Tuesday, 13 June 2017

Trinity Sunday- God uses impossible situations

I'm not going to preach the sermon the Lectionary wants me to preach today. It is Trinity Sunday, so I could talk about God at creation and the Spirit of God hovering over the water. I could talk about God speaking in a plural voice- "us", "our". We could go to Collossians 1 or John 1 and read about Jesus being one with the creator in a way that he is the creator- 
"[Jesus] is the image of the invisible God, the firstborn of all creation. For by him all things were created, in heaven and on earth, visible and invisible, whether thrones or dominions or rulers or authorities—all things were created through him and for him. And he is before all things, and in him all things hold together." (Col 1:15-17)

"In the beginning was the Word, and the Word was with God, and the Word was God.  He was in the beginning with God.  All things were made through him, and without him was not any thing made that was made." (John 1:1-3)
I could talk about the 3 fold pattern that arrives in the New Testament- Father, Son, Spirit. Paul's blessing has a threeness to it- 
"the grace of the Lord Jesus Christ and the love of God and the fellowship of the Holy Spirit be with you all". 
Jesus says to baptize in the name of the Father, Son, and Holy Spirit.
It's hard to imagine Moses or one of the prophets including their name in such an intimate way alongside God's. Moses doesn't say circumcise in the name of God, Moses, and the Torah. There is something profound and challenging happening in those passages. We might also look at how the disciples, as monotheistic Jews, worshiped Jesus. 
    That would be an interesting sermon (i think), but something else was striking me when I was reading our Matthew reading.   

When we join the disciples on the mountain in Galilee at the end of the Gospel of Matthew we read that “some doubted”. It seems like a strange thing to be standing in front of the resurrected Jesus and have doubt. What is that about? Well we read that the 
“eleven disciples” went to Galilee. When we hear the number 11 we are reminded that the 12th has died by his own hand after betraying Jesus. They know how fragile they are. Maybe they aren’t sure they can fully trust one another if one of the inner circle of disciples has betrayed Jesus. Perhaps there is danger within their own number.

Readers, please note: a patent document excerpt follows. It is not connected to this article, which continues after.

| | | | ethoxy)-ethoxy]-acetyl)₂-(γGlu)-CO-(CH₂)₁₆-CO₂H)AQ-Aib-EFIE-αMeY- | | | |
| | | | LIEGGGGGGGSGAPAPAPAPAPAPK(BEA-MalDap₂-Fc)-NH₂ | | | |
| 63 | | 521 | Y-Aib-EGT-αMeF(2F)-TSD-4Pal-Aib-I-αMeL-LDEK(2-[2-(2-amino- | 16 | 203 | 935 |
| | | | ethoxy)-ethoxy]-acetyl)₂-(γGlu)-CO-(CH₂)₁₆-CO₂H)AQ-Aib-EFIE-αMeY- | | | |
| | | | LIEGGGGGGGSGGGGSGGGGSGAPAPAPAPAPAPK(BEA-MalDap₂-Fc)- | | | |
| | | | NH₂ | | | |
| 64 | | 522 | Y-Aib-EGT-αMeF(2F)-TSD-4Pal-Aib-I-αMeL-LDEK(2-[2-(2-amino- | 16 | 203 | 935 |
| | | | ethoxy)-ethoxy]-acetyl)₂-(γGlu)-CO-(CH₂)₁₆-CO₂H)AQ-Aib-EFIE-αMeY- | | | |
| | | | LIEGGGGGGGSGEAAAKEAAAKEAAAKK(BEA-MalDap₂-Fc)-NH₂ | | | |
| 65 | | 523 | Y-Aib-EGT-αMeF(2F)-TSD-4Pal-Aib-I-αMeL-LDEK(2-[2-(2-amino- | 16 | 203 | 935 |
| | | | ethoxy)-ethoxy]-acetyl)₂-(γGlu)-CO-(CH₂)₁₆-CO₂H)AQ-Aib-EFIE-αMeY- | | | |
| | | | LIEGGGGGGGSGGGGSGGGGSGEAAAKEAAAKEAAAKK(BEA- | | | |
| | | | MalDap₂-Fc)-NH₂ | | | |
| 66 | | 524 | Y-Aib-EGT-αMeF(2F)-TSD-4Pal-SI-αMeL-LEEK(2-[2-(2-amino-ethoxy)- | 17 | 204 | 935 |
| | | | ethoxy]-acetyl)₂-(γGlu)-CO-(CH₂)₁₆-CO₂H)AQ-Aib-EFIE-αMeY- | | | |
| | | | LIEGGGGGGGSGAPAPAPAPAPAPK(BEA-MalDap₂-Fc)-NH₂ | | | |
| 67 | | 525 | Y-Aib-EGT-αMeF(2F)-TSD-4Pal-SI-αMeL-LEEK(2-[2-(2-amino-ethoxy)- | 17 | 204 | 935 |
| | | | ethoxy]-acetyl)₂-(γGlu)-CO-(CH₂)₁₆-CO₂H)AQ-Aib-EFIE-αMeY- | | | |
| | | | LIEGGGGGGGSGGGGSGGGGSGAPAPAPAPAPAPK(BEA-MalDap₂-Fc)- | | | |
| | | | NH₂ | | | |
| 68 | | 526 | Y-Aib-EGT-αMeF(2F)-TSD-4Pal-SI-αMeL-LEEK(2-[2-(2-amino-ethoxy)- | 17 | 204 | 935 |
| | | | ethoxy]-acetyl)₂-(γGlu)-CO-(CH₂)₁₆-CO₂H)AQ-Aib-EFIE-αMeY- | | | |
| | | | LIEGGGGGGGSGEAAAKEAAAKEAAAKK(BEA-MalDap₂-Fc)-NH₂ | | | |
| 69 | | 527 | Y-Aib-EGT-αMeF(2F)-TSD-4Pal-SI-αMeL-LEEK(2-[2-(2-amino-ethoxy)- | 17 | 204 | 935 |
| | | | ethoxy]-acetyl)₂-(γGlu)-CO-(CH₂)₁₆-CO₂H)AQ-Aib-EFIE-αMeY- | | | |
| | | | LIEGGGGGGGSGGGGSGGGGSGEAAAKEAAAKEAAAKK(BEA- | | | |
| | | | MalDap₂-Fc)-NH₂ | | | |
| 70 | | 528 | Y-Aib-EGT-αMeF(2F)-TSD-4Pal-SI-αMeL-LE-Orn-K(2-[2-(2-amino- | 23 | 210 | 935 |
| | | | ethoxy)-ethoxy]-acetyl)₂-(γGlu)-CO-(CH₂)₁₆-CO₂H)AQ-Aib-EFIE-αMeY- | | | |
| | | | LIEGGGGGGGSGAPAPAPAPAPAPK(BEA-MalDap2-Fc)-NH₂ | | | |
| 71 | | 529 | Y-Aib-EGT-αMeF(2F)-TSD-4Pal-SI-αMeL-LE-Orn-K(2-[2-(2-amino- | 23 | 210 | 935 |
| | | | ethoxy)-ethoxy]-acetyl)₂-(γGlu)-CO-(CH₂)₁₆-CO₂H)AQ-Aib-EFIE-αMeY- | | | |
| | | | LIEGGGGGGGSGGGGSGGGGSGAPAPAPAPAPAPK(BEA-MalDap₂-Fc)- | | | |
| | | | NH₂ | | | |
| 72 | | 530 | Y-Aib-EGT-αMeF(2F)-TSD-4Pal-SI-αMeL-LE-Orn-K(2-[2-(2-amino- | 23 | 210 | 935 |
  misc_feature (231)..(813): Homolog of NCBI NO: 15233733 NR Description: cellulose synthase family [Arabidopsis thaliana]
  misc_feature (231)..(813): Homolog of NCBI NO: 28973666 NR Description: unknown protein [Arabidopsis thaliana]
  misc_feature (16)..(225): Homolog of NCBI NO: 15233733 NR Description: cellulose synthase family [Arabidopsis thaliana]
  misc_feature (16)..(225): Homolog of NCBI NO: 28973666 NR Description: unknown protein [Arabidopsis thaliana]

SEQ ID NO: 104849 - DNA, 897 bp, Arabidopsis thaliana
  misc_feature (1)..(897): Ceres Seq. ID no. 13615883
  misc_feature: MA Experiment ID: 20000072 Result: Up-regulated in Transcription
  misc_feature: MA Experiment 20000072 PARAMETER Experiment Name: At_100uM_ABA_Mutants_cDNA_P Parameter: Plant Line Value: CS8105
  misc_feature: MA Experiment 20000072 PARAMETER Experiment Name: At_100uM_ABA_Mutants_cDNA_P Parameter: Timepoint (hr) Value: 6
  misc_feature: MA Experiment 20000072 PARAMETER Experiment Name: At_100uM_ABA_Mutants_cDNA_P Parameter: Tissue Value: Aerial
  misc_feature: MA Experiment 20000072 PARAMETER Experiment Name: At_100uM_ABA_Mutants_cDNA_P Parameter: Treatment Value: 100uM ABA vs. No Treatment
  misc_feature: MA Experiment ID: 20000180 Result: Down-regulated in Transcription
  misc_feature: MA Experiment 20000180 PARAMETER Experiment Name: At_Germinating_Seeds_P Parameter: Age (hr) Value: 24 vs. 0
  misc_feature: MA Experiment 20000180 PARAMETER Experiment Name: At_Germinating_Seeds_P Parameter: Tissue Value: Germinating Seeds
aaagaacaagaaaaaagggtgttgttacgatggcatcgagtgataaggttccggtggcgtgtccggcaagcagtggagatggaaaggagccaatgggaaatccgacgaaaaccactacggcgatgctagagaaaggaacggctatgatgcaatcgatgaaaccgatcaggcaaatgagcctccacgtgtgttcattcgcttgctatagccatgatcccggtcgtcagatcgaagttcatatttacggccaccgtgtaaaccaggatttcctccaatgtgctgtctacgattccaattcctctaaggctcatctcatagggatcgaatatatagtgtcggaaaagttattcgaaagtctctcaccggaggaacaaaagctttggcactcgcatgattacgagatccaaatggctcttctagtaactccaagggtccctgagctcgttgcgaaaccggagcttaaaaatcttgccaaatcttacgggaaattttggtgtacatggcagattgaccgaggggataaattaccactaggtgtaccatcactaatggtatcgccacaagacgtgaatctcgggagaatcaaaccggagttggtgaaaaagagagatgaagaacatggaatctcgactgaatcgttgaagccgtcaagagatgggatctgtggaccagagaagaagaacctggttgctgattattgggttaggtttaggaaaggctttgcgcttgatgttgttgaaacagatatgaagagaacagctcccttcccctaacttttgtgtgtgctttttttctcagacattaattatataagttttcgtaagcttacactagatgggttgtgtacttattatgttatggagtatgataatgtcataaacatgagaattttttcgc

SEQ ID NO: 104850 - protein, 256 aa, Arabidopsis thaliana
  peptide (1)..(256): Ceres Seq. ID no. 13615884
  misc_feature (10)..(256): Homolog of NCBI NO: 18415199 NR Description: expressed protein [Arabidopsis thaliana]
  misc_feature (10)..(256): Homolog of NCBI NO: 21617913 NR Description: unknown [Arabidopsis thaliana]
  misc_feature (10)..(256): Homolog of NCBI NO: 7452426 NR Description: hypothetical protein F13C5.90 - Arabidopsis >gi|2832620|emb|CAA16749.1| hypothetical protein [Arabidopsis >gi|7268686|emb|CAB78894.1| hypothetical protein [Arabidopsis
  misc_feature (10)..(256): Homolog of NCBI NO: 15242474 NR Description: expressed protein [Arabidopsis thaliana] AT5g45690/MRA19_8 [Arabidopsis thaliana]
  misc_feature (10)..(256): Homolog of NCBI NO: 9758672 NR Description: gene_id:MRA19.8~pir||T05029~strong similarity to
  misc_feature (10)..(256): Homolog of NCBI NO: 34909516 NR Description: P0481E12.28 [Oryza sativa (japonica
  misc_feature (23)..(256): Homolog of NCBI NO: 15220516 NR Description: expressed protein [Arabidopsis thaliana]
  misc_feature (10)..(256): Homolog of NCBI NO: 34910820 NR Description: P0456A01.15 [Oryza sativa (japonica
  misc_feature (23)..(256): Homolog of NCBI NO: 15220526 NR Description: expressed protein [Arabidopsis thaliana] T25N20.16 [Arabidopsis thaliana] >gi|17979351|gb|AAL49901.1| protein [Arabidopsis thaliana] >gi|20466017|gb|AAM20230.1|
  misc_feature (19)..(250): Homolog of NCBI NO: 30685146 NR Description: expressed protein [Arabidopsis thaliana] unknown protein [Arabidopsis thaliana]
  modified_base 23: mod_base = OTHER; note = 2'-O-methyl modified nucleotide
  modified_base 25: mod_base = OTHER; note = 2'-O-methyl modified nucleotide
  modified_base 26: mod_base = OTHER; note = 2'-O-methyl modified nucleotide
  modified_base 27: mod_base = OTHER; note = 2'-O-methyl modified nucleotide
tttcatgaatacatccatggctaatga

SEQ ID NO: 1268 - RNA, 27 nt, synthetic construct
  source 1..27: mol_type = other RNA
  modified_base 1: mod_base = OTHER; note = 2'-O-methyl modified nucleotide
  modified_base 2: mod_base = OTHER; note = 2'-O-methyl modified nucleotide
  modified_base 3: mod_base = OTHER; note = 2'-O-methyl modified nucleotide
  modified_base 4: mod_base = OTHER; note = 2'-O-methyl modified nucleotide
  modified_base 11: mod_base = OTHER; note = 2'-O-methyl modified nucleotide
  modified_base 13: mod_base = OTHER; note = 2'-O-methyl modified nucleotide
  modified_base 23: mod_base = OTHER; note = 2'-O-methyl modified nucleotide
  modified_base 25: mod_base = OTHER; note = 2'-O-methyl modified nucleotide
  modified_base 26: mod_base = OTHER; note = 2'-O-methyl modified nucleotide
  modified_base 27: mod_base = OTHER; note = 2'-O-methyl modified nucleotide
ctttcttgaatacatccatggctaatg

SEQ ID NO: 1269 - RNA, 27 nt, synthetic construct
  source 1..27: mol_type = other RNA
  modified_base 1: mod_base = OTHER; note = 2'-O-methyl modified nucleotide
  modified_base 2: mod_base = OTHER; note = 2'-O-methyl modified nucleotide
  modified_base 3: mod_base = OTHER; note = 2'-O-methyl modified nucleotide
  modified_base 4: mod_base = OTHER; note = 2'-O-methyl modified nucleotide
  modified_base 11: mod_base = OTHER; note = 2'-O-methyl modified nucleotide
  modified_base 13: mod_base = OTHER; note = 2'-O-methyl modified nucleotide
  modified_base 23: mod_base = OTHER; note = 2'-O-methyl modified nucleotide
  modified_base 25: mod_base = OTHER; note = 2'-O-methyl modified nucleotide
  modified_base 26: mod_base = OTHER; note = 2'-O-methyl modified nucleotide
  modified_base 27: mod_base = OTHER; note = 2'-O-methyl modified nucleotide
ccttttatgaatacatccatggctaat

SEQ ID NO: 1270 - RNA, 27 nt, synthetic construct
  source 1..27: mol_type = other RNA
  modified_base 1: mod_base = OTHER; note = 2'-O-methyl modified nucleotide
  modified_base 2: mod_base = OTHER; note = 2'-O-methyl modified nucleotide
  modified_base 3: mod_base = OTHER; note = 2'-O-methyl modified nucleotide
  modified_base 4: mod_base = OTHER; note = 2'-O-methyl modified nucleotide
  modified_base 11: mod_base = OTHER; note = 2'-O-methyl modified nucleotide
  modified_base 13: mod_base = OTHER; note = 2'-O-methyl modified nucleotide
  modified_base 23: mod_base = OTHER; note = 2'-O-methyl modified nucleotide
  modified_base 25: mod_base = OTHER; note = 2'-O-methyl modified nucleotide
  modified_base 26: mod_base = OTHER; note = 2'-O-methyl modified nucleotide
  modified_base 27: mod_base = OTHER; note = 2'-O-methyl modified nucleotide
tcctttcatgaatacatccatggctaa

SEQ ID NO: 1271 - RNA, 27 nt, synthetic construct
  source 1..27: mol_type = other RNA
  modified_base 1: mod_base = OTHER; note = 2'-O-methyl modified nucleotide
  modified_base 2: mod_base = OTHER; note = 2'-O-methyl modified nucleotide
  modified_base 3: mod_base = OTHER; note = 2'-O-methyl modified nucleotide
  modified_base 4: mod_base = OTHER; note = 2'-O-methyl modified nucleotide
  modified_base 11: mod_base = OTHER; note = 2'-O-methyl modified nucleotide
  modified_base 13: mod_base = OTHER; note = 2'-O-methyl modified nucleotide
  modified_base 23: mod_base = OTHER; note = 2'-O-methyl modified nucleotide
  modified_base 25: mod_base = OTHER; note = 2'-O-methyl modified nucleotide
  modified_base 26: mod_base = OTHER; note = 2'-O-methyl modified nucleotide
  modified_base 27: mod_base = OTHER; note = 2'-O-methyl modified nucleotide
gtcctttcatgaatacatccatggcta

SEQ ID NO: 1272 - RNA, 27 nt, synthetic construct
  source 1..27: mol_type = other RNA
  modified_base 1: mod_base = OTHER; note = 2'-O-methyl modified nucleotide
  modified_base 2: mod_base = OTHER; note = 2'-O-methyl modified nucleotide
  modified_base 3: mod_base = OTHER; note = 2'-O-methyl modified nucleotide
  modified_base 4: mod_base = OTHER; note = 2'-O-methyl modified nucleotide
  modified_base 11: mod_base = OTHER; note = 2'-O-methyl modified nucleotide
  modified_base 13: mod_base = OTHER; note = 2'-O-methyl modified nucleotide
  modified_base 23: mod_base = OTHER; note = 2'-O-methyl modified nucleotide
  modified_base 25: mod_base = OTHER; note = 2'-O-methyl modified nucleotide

They know there is definitely danger from outside their circle. The authorities that had brought Jesus forward to be crucified were no friends of the disciples. No doubt they had been hiding from the authorities. Maybe staying indoors. Maybe avoiding places where they might be spotted.

They are a group of beaten up disciples. Some of the disciples doubt in Matthew’s gospel. Some of the oldest manuscripts we have of Mark’s Gospel end with, 
“trembling and bewildered, the women went out and fled the tomb. They said nothing to anyone, because they were afraid”. (Mk 16:8)

They stand in front of the resurrected Jesus, but they are still beaten up, emotionally fragile, wary of capture and betrayal, and confused. And what does Jesus say to them? 
“All authority in heaven and on earth has been given to me. Go therefore and make disciples of all nations, baptizing them in the name of the Father and of the Son and of the Holy Spirit, and teaching them to obey everything that I have commanded you.”
 To this broken and beaten up group of disciples who had been hiding, Jesus tells them to go and change the world. Jesus has much for faith in them than they have in themselves. Sure, Jesus is resurrected, but they aren’t Jesus. They are happy he is alive again, but what does that mean for them?

I don’t think it is unusual for us to feel like this. Sometimes we feel like we can just barely hold our lives together. Sometimes it feels like we are just holding onto our faith by our fingernails. And we come to church or we read our bibles and what Jesus is asking of us seems too much. Jesus’ words here are just as much for us as for those original disciples. 
“All authority in heaven and on earth has been given to me. Go therefore and make disciples of all nations, baptizing them in the name of the Father and of the Son and of the Holy Spirit, and teaching them to obey everything that I have commanded you.”
 When was the last time you went to the nations, or even supported someone going to the nations, or even known someone going to the nations to teach the ways of Jesus? We usually don’t even have the energy or courage to speak to the person across the street about the way of Jesus. I’m not trying to make anyone feel guilty. I think I’m just pointing out our situation. Rather than looking at ourselves as individuals, we could look at ourselves as a church. Given our numbers, our average age, and our income and expenses, how do we feel able to live out Jesus’ commission?